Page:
Contributors

Agent

Created

Date Created
  • 2012

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The impact of a multilevel intervention on special education induction teacher retention indicators

Description

This mixed methods action research study explores the impact of a multilevel intervention on retention indicators of special education induction teachers and the leadership capacities of the special education induction

This mixed methods action research study explores the impact of a multilevel intervention on retention indicators of special education induction teachers and the leadership capacities of the special education induction coaches and coordinator. The purpose of this investigation was to understand the impact of developing and implementing an action research study on three different levels of participants the special education induction coaches, teachers and me. A theoretical framework based upon Bandura's (1977, 1982) work in Social Learning Theory, and in self and collective efficacy informs this study. The conceptual framework developed based upon the tenets of Authentic Leadership Theory and special education mentor programs inform the development of the intervention and data collection tools. Quantitative data included results collected from the Psychological Capital Questionnaire (PCQ), Authentic Leadership Questionnaire (ALQ), and the Special Education Induction Teacher Questionnaire (SEITQ). The qualitative data included results collected from the SEITQ open-ended questions, Email Reflective Response (ERR), organic and structured focus groups, fieldnotes, and the Teachers' Final Letter. Findings include: a) I changed as a leader and a researcher, b) the special education induction coaches began to think and act as leaders, c) the special education induction teachers' retention indicators increased, d) by actively participating in the co-construction of the special education induction program, both the coaches and the teacher provided valuable insights as pertains to developing a program that supports special education induction teachers. Implications and next steps are discussed.

Contributors

Agent

Created

Date Created
  • 2012

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The Masculine Overcompensation Theory: A Gender Perspective on Teacher Reactions to Transgender Bullying

Description

Teachers represent important agents of gender socialization in schools and play a critical role in the lived experiences of transgender students. What remains less clear, however, is whether the gender

Teachers represent important agents of gender socialization in schools and play a critical role in the lived experiences of transgender students. What remains less clear, however, is whether the gender of the teacher impacts their response to transgender bullying and specifically how threats to gender identity might influence men who teach to respond negatively. The current study used a 2 (gender) x 3 (gender identity threat, no gender identity threat, and control) experimental design to assess whether the masculine overcompensation theory helps explain how men who teach respond to transgender victimization experiences. It was hypothesized that men in the gender identity threat condition would endorse more anti-trans attitudes (e.g., higher transphobic attitudes, lower allophilia [feelings of liking] toward transgender individuals, more traditional gender roles, less supportive responses to a vignette about transgender bullying, less support for school practices that support transgender students, and less likelihood of signing a petition supporting transgender youth rights) compared to the other conditions. It was also expected that they would endorse more negative affect but higher feelings of self-assurance. Women in the study served as a comparison group as no overcompensation effect is expected for them. Participants (N = 301) were nationally recruited through word of mouth, social media, and personal networks. Results from the current study did not support the theory of masculine overcompensation as there was no effect of threatening feedback. There were a number of significant gender differences. Men reported lower transgender allophilia, higher transphobia, more traditional gender role beliefs, less likelihood of signing the petition supporting transgender youth rights, and more self-assurance than women. No gender effect was found for negative affect or support for school practices supporting transgender students. There were also no observable differences in participant responses to the vignette by gender or condition. The implications and limitations of the current study were discussed.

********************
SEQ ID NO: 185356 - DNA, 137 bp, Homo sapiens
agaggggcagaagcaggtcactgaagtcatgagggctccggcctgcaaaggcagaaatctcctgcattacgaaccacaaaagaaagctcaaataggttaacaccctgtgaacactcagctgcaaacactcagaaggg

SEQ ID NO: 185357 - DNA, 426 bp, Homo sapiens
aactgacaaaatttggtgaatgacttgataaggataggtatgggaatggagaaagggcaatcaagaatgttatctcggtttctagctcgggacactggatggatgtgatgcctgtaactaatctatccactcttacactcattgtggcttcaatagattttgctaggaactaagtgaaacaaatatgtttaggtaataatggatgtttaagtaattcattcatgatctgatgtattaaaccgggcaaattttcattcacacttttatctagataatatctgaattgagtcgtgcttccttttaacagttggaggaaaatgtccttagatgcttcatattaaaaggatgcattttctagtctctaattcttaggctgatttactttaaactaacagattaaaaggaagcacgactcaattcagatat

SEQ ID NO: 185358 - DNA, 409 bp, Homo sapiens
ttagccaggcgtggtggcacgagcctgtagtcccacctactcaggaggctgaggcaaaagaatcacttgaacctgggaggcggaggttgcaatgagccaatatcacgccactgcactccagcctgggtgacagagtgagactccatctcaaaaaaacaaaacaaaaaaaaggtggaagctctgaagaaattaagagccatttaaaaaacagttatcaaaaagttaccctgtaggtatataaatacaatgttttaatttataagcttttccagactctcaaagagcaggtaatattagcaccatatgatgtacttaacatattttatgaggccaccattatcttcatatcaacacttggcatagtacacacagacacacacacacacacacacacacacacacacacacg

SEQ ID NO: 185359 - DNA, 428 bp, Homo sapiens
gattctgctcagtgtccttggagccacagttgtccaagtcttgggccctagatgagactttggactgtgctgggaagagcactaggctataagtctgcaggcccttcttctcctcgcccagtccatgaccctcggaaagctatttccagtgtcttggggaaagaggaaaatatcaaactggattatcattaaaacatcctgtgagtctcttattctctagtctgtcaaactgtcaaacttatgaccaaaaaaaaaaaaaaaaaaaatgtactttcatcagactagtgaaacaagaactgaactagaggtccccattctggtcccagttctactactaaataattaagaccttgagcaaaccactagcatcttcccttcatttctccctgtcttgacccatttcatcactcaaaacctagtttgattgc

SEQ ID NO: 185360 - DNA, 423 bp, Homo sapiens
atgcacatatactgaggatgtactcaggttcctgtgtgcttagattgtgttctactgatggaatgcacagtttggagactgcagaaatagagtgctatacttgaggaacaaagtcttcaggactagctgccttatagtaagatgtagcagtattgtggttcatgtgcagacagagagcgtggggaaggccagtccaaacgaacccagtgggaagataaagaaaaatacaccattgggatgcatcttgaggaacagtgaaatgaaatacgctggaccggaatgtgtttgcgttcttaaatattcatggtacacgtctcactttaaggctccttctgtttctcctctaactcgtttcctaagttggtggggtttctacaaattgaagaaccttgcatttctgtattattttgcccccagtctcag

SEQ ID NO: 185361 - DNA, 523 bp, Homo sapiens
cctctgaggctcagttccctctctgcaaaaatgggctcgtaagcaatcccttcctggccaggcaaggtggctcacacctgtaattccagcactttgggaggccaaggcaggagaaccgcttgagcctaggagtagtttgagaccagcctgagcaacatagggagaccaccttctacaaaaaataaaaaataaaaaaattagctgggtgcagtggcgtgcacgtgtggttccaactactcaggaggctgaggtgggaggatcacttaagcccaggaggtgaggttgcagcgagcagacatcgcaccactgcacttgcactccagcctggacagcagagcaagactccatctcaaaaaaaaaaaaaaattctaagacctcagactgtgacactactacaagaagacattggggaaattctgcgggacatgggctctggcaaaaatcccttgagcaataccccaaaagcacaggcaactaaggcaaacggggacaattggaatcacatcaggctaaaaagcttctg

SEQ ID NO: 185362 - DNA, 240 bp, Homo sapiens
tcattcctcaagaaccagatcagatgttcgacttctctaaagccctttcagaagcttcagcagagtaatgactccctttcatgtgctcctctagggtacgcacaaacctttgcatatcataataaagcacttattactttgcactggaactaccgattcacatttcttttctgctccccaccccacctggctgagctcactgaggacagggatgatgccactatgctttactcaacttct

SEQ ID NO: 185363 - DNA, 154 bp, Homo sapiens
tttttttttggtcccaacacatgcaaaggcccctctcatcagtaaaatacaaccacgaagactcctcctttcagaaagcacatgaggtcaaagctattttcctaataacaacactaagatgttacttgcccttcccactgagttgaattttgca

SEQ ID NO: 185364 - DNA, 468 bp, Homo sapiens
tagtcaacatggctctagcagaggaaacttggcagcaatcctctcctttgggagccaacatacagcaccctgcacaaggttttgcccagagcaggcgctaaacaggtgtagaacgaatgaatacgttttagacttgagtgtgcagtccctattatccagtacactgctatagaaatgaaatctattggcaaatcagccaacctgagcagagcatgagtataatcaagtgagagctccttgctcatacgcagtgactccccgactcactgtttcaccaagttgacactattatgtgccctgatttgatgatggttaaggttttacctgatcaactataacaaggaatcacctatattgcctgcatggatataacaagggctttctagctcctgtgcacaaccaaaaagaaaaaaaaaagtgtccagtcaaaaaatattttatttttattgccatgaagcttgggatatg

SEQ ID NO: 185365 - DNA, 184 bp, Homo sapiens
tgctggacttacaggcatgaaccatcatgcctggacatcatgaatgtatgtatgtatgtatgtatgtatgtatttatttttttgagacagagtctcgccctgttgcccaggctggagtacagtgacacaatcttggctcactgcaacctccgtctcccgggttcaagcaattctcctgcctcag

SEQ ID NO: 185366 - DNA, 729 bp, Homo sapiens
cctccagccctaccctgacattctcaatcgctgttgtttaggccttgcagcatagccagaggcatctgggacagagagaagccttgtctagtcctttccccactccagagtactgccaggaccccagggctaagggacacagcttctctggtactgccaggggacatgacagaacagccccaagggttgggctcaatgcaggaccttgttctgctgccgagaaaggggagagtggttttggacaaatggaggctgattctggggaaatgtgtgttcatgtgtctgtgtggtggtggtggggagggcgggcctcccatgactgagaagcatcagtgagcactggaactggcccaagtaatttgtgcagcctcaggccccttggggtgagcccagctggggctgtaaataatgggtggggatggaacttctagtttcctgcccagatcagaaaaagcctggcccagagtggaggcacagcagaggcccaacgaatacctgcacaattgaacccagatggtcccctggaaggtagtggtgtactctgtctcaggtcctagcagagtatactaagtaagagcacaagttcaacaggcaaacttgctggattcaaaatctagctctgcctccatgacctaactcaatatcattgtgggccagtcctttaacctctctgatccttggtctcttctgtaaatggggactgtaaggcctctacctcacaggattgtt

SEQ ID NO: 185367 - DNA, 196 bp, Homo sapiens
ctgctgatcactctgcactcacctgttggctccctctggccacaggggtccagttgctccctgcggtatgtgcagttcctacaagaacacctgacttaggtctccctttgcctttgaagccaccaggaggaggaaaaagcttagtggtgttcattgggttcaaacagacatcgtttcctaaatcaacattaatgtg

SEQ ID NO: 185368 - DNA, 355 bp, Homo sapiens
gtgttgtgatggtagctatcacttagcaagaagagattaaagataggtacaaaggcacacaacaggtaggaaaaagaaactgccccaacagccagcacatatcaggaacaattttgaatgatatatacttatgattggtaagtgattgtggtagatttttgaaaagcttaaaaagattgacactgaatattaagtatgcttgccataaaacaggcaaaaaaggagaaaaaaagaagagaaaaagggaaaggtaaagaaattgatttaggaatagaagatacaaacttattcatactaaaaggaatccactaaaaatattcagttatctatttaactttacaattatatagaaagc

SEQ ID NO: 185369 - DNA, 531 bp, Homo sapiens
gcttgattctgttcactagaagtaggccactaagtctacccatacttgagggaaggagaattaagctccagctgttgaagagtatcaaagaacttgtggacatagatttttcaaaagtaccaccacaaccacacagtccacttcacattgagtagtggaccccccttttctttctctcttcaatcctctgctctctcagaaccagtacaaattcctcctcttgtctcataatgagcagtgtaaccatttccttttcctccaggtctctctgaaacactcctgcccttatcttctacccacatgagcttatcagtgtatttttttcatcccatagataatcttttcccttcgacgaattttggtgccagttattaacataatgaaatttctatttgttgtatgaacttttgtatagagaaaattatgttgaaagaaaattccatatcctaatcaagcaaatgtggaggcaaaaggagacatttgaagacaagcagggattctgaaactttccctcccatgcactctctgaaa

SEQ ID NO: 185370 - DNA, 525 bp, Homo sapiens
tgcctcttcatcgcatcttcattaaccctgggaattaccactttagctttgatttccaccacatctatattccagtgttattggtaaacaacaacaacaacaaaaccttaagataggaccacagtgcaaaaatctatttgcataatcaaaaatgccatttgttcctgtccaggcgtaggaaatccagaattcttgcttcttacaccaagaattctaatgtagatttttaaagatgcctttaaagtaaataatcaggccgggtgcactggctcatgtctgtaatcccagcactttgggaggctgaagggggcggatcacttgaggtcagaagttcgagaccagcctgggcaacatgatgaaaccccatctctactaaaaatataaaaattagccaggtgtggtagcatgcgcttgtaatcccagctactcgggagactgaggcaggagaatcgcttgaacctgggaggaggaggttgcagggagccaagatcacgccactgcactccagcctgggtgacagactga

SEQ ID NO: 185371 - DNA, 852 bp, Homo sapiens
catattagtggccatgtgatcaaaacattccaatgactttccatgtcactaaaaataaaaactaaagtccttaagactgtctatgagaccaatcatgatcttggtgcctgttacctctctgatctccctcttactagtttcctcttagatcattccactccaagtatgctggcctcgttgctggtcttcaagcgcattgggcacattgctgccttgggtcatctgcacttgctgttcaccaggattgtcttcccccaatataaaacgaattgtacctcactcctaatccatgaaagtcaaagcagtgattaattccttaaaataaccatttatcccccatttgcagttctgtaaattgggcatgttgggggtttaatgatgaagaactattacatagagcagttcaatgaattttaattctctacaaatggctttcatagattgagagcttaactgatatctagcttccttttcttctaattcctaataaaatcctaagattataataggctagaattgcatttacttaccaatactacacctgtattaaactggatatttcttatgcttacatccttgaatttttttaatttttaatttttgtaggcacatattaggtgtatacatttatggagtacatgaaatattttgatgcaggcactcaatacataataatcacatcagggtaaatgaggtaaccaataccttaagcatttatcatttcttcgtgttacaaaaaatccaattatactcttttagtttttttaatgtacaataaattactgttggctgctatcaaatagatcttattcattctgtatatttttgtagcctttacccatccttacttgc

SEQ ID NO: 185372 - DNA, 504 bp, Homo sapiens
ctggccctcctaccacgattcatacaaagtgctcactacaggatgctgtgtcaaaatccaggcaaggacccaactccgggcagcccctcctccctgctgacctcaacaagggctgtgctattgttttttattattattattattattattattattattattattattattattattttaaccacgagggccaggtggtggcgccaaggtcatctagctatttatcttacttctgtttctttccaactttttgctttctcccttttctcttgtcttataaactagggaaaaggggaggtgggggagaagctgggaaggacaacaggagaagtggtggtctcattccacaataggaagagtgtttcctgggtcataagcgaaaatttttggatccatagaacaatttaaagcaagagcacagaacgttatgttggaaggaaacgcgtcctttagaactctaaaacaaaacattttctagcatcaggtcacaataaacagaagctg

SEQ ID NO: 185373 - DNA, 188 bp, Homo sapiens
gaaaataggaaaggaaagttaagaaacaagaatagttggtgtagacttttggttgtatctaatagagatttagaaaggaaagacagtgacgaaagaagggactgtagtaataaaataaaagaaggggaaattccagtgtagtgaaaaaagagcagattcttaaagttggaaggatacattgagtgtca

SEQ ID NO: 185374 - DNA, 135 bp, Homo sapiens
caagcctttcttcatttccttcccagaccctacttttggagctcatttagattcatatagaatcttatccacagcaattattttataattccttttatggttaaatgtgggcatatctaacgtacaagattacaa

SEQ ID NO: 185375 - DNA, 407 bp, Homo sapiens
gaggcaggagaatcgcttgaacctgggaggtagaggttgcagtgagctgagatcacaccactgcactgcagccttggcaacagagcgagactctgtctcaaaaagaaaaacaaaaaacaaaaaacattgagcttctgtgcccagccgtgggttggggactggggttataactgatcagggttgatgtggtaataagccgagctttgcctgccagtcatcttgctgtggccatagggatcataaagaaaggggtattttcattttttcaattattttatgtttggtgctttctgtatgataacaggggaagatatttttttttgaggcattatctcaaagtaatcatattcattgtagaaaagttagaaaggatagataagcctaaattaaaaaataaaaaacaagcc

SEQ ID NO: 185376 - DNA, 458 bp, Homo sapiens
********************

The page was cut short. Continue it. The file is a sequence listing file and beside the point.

Contributors

Agent

Created

Date Created
  • 2020

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Epilepsy and school performance: the influence of teacher factors and seizure control on children with epilepsy